Alex: Many CPAs are surprised that I’m an economist and not a CPA. Economists are often seen as having little relevant practical experience. Contrary to that viewpoint, I’m heavily involved with my clients’ businesses and invested in their success. I understand their challenges and provide custom strategies that fit their unique needs based upon 20-plus years of experience with US and international companies, large and small.

KBKG: What is Transfer Pricing as a service?

Alex: The cross-border transfer prices of goods, royalties, services, and loans drive how much income tax a multinational company pays by country. We assist US and international companies in establishing, documenting, and defending transfer pricing practices for the IRS and foreign tax authorities.

KBKG: How can Transfer Pricing add depth to a CPA’s service model?

Alex: Two ways: First, many US and foreign-owned multinational clients are actively looking for service providers in this area, and relatively few firms have dedicated transfer pricing teams. Transfer pricing can effectively serve as an introduction to new multinational clients. Second, projects may require client interviews, and I find that CPAs can often identify new opportunities by being part of discussions with key management team members.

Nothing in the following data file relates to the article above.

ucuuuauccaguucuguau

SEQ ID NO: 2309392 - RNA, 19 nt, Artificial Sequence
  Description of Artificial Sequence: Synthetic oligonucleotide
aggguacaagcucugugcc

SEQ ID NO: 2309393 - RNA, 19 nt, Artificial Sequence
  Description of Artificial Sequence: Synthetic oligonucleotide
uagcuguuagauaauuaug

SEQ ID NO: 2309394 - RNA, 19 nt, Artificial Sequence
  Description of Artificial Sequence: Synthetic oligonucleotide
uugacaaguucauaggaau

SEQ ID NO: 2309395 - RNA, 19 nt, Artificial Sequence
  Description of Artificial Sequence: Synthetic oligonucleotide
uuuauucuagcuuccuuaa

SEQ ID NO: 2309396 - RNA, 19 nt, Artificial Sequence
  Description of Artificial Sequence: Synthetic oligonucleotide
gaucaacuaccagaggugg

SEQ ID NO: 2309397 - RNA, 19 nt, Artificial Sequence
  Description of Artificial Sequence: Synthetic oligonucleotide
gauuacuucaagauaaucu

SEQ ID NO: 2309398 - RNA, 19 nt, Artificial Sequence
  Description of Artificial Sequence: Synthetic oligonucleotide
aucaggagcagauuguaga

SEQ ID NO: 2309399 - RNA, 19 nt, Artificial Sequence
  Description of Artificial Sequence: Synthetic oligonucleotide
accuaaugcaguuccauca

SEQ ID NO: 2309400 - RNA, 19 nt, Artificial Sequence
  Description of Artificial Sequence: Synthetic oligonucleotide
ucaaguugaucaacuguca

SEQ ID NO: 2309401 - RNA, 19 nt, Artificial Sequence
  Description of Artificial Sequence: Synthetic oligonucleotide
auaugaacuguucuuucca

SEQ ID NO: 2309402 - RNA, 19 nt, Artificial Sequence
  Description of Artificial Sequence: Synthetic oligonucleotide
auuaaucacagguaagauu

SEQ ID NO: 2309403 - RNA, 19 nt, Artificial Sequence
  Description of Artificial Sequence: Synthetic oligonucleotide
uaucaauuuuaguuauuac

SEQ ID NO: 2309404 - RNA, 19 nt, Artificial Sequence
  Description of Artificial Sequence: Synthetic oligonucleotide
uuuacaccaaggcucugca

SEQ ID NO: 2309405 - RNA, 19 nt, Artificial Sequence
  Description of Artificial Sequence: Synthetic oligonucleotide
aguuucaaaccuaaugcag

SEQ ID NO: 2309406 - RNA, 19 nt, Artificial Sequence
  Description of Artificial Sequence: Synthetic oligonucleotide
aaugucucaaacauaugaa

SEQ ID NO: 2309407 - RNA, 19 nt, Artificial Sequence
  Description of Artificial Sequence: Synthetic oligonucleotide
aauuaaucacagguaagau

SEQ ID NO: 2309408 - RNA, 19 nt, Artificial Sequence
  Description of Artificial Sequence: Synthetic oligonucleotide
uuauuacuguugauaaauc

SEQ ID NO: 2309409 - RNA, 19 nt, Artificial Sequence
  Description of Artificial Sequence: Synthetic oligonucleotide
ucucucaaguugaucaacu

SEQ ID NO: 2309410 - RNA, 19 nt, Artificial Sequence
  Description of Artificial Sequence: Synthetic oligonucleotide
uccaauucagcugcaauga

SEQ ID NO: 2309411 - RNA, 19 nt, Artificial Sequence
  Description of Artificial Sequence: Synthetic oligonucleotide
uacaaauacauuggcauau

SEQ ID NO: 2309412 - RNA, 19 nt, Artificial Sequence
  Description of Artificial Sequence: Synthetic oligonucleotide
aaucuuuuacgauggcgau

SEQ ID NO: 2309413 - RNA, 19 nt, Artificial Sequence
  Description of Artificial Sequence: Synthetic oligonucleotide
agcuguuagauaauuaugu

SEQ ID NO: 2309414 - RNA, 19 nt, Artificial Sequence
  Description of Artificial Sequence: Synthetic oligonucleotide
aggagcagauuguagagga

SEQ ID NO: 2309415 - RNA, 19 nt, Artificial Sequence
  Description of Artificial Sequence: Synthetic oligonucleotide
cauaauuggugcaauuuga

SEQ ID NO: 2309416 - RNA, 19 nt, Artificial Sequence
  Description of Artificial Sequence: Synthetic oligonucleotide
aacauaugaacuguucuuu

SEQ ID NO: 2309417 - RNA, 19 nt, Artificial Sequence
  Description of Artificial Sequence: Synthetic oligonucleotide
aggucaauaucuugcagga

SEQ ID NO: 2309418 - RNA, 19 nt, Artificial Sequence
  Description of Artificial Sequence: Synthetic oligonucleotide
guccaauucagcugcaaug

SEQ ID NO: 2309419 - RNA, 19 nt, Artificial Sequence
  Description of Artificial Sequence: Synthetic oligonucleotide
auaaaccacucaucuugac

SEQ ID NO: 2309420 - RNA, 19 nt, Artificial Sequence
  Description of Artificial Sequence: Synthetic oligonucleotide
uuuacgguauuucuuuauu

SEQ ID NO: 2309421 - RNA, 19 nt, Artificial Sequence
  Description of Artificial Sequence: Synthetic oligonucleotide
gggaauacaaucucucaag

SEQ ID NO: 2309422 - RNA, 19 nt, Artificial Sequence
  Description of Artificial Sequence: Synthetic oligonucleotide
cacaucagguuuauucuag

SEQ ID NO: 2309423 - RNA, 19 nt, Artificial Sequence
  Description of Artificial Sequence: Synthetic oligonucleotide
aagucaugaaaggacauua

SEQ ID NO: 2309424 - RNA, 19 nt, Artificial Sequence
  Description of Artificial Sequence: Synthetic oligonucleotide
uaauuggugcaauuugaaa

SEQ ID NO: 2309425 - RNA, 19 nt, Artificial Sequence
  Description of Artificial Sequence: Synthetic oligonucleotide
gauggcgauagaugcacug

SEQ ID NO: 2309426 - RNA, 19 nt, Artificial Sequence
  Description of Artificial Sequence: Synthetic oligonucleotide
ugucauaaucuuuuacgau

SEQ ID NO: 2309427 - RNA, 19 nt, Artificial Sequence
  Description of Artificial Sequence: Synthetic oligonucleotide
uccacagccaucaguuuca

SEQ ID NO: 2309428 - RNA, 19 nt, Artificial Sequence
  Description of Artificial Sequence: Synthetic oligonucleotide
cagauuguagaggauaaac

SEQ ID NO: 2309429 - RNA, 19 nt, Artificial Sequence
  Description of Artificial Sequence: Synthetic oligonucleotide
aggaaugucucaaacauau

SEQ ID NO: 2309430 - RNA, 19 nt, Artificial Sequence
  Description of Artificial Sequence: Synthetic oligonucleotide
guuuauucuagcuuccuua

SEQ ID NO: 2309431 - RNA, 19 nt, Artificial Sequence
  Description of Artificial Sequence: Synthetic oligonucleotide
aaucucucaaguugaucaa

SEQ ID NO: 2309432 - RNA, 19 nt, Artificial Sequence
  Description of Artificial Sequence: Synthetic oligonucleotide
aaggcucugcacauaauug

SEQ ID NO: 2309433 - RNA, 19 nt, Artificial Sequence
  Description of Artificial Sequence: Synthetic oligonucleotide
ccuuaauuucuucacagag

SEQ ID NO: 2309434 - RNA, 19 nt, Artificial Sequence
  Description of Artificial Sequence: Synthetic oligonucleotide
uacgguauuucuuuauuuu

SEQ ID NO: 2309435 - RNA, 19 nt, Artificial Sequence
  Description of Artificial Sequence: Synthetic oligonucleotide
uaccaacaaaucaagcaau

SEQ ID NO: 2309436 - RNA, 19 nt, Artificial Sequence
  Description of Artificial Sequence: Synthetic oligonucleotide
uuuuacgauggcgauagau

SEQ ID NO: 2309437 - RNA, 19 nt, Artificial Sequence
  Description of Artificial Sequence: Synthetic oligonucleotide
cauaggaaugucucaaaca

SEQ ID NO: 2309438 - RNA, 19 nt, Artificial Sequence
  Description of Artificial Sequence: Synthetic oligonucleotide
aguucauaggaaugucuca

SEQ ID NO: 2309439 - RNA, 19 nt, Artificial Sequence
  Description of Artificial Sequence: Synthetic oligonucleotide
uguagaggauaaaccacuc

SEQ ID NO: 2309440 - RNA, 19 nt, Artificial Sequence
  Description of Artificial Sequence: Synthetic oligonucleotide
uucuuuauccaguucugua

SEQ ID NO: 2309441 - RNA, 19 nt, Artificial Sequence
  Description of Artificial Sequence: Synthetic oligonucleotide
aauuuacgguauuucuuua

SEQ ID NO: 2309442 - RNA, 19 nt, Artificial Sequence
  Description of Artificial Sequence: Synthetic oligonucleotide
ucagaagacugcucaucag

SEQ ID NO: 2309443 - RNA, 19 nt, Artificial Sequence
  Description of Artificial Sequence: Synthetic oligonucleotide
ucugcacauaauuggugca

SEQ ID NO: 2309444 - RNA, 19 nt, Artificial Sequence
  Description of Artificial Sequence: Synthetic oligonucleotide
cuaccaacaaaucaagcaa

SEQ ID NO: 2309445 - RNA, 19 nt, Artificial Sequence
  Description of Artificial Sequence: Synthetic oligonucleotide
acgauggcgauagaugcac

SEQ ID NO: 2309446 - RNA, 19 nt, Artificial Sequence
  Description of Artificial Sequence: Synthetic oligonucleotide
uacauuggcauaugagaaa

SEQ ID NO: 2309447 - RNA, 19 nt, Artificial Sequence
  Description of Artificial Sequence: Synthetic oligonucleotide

Regardless of whether a CPA wants to be involved in a project or just needs regular updates, KBKG serves as an extension of a CPA’s team, working seamlessly to provide value-added services. We also invest heavily in CPA education, so our CPA partners feel confident in offering transfer pricing as part of their suite of services.

KBKG: How can a business identify Transfer Pricing issues?

Alex: All companies with cross-border operations have transfer pricing issues. The prices charged across borders affects how much tax is payable in each country a country operates. Consequently, tax authorities are concerned about multinationals underpaying taxes through incorrect transfer prices. A business with international operations needs to be able to explain to a tax auditor how their company operates and justify why the prices or profits are reasonable.

Tax authorities worldwide often challenge companies that are not charging “arm’s-length” pricing on intercompany transactions. Additionally, transfer pricing audits can result in substantial additional tax and penalties on a global basis. In fact, over 100 countries now enforce transfer pricing rules, and the threshold for audit activity has reached the middle-market. That said, there are some practical strategies that companies can employ to support their position under tax audit. Furthermore, some companies can realize substantial tax savings under US tax reform through corrections to transfer pricing.

KBKG: Alex, thank you so much for your time today. If companies or CPAs have questions about Transfer Pricing, how can they contact you?

Alex: If you have questions, I am always here to assist. You can contact me at [email protected] or give me a call at 877.525.4462 x170.

Learn more about Alex Martin / Learn more about Transfer Pricing